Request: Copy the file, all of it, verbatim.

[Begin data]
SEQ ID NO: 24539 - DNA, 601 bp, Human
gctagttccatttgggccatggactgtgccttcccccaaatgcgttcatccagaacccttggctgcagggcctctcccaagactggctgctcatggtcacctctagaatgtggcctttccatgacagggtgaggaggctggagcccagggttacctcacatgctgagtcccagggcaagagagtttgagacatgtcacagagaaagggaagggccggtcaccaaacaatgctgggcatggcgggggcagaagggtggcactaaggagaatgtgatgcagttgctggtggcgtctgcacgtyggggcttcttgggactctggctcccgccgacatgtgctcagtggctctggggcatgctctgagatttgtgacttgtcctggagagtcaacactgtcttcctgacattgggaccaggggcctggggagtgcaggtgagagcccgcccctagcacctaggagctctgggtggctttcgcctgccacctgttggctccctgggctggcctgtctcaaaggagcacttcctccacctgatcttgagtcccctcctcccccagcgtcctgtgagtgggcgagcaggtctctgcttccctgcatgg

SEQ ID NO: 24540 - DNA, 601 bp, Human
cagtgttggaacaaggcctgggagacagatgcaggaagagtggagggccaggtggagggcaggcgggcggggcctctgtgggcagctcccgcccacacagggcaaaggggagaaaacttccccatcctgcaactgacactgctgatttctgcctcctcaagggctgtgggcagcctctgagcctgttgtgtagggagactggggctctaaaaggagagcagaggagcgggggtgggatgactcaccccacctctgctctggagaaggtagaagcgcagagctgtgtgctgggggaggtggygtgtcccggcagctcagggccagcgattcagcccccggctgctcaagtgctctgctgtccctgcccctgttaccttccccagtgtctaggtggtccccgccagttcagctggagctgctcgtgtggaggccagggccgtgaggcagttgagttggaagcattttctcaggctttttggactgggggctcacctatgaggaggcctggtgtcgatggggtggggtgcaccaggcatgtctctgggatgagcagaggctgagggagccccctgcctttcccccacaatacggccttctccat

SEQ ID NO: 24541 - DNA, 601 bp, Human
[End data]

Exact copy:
SEQ ID NO: 24539 - DNA, 601 bp, Human
gctagttccatttgggccatggactgtgccttcccccaaatgcgttcatccagaacccttggctgcagggcctctcccaagactggctgctcatggtcacctctagaatgtggcctttccatgacagggtgaggaggctggagcccagggttacctcacatgctgagtcccagggcaagagagtttgagacatgtcacagagaaagggaagggccggtcaccaaacaatgctgggcatggcgggggcagaagggtggcactaaggagaatgtgatgcagttgctggtggcgtctgcacgtyggggcttcttgggactctggctcccgccgacatgtgctcagtggctctggggcatgctctgagatttgtgacttgtcctggagagtcaacactgtcttcctgacattgggaccaggggcctggggagtgcaggtgagagcccgcccctagcacctaggagctctgggtggctttcgcctgccacctgttggctccctgggctggcctgtctcaaaggagcacttcctccacctgatcttgagtcccctcctcccccagcgtcctgtgagtgggcgagcaggtctctgcttccctgcatgg

SEQ ID NO: 24540 - DNA, 601 bp, Human
cagtgttggaacaaggcctgggagacagatgcaggaagagtggagggccaggtggagggcaggcgggcggggcctctgtgggcagctcccgcccacacagggcaaaggggagaaaacttccccatcctgcaactgacactgctgatttctgcctcctcaagggctgtgggcagcctctgagcctgttgtgtagggagactggggctctaaaaggagagcagaggagcgggggtgggatgactcaccccacctctgctctggagaaggtagaagcgcagagctgtgtgctgggggaggtggygtgtcccggcagctcagggccagcgattcagcccccggctgctcaagtgctctgctgtccctgcccctgttaccttccccagtgtctaggtggtccccgccagttcagctggagctgctcgtgtggaggccagggccgtgaggcagttgagttggaagcattttctcaggctttttggactgggggctcacctatgaggaggcctggtgtcgatggggtggggtgcaccaggcatgtctctgggatgagcagaggctgagggagccccctgcctttcccccacaatacggccttctccat

SEQ ID NO: 24541 - DNA, 601 bp, Human